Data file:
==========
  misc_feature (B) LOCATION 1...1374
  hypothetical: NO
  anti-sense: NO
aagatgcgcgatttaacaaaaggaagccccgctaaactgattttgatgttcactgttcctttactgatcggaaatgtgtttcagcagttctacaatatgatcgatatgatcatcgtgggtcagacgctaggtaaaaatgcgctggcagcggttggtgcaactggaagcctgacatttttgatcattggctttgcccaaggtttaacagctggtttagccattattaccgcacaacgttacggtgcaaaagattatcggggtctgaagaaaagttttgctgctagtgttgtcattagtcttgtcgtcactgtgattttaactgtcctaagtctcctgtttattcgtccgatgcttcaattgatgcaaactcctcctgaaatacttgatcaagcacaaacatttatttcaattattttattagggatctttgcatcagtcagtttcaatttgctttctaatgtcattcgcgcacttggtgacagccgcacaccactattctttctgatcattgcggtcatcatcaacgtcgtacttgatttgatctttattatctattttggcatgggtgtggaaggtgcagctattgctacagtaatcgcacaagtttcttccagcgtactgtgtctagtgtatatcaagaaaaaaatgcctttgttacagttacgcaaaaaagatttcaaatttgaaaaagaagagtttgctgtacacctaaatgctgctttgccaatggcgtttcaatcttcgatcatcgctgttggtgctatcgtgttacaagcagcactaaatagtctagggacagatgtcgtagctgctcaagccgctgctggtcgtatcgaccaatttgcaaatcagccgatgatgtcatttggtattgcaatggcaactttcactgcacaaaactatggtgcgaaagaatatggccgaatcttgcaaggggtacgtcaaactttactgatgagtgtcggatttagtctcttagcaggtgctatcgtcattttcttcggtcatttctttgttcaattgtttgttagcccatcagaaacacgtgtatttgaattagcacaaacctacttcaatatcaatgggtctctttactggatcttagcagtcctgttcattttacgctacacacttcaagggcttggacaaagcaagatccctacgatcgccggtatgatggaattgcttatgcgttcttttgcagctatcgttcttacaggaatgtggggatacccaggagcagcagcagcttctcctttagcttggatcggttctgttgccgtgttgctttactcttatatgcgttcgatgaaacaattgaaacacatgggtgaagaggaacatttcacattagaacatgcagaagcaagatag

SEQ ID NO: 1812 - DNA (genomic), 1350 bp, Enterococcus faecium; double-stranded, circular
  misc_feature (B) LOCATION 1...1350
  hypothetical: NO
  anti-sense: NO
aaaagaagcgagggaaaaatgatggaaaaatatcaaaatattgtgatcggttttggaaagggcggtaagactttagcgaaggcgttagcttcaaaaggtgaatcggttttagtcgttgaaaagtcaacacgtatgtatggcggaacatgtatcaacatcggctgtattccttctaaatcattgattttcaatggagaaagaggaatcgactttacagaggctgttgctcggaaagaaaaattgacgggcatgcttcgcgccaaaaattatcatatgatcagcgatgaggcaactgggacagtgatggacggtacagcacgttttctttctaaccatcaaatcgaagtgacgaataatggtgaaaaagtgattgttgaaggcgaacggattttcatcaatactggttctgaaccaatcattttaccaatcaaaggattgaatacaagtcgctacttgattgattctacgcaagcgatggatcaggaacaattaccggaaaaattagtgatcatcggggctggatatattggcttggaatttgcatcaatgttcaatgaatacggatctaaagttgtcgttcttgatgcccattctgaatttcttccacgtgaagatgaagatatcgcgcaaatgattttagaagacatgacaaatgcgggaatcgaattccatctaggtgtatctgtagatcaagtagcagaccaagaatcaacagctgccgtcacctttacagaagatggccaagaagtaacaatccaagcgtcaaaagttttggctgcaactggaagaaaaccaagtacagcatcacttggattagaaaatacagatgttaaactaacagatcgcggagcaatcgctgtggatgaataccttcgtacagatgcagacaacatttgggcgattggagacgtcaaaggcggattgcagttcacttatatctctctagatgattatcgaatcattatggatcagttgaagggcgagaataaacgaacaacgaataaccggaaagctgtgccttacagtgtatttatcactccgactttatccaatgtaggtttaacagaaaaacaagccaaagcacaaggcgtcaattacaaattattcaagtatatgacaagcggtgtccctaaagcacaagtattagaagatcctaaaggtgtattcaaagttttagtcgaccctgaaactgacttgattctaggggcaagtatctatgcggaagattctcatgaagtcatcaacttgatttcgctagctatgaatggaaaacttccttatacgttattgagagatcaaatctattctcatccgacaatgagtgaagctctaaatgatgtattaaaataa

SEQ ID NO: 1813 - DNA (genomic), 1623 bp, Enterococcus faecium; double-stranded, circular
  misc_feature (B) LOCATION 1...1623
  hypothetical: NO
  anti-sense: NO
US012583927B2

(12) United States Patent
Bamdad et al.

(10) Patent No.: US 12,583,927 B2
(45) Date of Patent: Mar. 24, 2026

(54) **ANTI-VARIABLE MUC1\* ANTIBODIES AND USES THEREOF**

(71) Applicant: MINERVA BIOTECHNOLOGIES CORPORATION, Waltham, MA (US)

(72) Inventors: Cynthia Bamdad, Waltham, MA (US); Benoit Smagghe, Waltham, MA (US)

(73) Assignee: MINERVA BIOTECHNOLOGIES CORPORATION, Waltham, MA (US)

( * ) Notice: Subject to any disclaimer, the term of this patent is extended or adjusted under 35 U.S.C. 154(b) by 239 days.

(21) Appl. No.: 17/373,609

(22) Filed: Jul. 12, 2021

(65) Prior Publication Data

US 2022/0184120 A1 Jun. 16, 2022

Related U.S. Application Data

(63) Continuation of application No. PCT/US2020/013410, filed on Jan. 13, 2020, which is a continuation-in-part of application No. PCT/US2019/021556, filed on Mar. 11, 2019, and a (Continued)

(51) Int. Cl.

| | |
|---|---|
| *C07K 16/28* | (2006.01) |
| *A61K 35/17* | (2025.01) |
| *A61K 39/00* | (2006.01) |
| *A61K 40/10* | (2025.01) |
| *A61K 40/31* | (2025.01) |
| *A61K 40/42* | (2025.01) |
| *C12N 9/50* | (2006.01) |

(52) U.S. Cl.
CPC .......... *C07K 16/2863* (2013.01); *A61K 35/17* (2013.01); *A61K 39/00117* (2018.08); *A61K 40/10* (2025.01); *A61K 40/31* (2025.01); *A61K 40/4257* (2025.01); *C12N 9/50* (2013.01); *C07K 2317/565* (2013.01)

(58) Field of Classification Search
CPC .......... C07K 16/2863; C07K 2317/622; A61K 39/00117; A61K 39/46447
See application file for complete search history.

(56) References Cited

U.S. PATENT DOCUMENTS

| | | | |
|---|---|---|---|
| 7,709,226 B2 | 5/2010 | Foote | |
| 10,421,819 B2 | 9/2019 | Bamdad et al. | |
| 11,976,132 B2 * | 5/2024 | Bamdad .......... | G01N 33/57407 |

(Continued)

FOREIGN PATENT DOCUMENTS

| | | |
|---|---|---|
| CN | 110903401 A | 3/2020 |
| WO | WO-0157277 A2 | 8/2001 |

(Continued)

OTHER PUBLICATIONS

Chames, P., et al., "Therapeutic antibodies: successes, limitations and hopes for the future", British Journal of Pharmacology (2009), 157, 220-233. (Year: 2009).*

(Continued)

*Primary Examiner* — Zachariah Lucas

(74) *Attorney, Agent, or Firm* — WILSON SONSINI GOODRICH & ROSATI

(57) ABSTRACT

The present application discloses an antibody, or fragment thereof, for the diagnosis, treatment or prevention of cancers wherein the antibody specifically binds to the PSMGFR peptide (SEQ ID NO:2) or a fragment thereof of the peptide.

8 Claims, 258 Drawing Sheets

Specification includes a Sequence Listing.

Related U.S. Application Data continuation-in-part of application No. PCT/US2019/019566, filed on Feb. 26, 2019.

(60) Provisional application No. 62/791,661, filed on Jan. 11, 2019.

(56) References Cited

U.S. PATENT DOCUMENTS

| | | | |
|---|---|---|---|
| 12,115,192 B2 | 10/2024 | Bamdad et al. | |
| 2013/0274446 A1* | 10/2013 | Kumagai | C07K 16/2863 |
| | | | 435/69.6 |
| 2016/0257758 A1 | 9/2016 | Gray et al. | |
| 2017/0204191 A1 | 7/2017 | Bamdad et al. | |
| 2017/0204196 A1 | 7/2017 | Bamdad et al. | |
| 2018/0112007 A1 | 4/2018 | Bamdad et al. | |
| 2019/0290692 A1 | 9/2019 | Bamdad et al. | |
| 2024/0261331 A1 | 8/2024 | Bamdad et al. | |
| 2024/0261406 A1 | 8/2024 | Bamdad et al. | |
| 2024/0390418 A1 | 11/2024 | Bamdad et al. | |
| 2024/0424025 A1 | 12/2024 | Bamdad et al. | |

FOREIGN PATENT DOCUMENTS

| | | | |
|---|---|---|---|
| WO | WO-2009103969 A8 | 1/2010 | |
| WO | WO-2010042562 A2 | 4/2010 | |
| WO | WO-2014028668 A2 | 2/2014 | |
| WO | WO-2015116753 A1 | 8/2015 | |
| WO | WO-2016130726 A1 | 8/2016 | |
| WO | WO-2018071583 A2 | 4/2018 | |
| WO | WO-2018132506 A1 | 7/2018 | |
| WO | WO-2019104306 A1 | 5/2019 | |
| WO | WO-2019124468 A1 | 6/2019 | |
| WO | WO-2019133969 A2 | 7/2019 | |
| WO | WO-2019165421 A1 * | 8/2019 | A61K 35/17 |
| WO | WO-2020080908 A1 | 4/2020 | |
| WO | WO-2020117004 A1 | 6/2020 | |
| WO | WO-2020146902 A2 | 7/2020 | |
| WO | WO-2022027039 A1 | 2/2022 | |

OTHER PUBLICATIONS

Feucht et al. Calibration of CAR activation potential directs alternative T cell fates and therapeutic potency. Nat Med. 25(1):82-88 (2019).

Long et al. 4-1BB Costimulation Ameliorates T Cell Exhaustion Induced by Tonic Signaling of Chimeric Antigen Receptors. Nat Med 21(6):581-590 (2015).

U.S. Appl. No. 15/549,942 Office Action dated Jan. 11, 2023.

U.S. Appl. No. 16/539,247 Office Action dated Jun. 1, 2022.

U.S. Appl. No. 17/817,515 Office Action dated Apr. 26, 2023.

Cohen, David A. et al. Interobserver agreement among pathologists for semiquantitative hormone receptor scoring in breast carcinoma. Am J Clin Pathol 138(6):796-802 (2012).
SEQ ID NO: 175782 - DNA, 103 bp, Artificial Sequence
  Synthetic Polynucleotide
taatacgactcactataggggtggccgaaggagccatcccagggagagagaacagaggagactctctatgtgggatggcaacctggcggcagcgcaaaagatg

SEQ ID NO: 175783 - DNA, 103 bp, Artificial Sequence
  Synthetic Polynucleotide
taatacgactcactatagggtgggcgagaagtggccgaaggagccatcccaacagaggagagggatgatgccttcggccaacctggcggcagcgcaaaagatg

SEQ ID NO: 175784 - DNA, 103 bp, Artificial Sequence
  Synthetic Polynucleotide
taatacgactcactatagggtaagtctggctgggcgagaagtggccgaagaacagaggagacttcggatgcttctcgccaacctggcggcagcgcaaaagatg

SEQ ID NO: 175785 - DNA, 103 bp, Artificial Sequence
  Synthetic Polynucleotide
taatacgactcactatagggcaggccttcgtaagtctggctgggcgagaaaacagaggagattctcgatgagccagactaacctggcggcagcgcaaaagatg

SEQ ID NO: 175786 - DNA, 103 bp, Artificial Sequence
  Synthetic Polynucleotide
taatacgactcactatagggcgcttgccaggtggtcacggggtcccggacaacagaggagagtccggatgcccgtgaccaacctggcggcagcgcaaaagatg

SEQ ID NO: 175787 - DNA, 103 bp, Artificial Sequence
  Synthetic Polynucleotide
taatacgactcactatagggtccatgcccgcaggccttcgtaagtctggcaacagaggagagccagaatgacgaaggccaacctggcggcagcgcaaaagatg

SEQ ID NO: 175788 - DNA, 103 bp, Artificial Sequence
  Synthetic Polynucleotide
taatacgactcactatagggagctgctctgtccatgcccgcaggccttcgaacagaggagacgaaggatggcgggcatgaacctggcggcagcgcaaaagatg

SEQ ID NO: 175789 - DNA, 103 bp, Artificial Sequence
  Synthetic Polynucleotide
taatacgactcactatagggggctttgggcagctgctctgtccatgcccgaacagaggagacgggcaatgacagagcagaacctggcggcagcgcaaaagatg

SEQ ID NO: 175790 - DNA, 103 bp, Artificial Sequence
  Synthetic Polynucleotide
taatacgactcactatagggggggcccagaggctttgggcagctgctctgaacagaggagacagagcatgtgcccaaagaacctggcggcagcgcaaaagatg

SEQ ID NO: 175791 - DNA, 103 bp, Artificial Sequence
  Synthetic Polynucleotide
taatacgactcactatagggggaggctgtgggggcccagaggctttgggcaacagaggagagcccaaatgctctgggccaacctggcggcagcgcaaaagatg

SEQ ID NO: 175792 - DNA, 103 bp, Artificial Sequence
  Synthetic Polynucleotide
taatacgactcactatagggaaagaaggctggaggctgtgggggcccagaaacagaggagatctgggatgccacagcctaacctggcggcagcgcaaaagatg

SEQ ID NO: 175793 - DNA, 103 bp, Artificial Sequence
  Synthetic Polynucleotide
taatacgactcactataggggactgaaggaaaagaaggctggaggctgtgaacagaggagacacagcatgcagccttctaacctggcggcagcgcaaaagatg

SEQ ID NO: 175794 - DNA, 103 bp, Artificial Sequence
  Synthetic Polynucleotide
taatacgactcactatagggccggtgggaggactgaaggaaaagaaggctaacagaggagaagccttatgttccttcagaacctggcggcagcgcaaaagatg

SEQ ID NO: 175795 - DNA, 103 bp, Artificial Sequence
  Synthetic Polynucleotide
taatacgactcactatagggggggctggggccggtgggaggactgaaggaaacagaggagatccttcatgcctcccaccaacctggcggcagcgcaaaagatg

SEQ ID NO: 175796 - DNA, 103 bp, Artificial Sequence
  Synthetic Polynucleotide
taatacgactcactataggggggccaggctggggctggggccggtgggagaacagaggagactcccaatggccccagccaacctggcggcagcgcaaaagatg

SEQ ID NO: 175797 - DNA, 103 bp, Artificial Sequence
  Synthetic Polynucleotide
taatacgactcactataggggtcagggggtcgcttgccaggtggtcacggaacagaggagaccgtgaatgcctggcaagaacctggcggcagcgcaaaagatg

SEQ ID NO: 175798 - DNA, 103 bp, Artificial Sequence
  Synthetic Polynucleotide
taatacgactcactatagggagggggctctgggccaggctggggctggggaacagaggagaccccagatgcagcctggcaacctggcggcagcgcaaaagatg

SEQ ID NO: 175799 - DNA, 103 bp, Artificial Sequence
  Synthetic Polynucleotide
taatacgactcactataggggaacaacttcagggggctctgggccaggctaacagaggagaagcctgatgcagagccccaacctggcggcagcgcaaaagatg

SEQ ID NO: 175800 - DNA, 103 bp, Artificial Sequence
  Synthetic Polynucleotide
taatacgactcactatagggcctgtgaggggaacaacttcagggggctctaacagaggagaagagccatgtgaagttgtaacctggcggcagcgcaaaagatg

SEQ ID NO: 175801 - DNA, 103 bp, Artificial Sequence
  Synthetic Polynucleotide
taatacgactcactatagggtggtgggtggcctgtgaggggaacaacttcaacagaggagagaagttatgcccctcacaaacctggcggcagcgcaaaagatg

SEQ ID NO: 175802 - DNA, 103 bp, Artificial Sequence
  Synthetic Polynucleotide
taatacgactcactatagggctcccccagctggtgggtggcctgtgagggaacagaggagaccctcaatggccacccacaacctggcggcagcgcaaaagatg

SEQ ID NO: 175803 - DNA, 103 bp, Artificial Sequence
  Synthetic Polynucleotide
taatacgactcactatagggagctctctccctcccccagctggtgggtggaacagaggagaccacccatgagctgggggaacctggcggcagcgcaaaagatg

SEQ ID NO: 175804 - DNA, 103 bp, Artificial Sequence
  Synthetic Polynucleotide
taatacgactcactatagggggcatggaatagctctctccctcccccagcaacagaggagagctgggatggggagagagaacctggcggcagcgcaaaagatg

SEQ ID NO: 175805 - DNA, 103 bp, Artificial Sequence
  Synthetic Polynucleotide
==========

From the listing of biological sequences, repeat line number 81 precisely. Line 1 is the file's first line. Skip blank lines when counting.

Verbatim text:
| 2019/0290692 A1 | 9/2019 | Bamdad et al. | |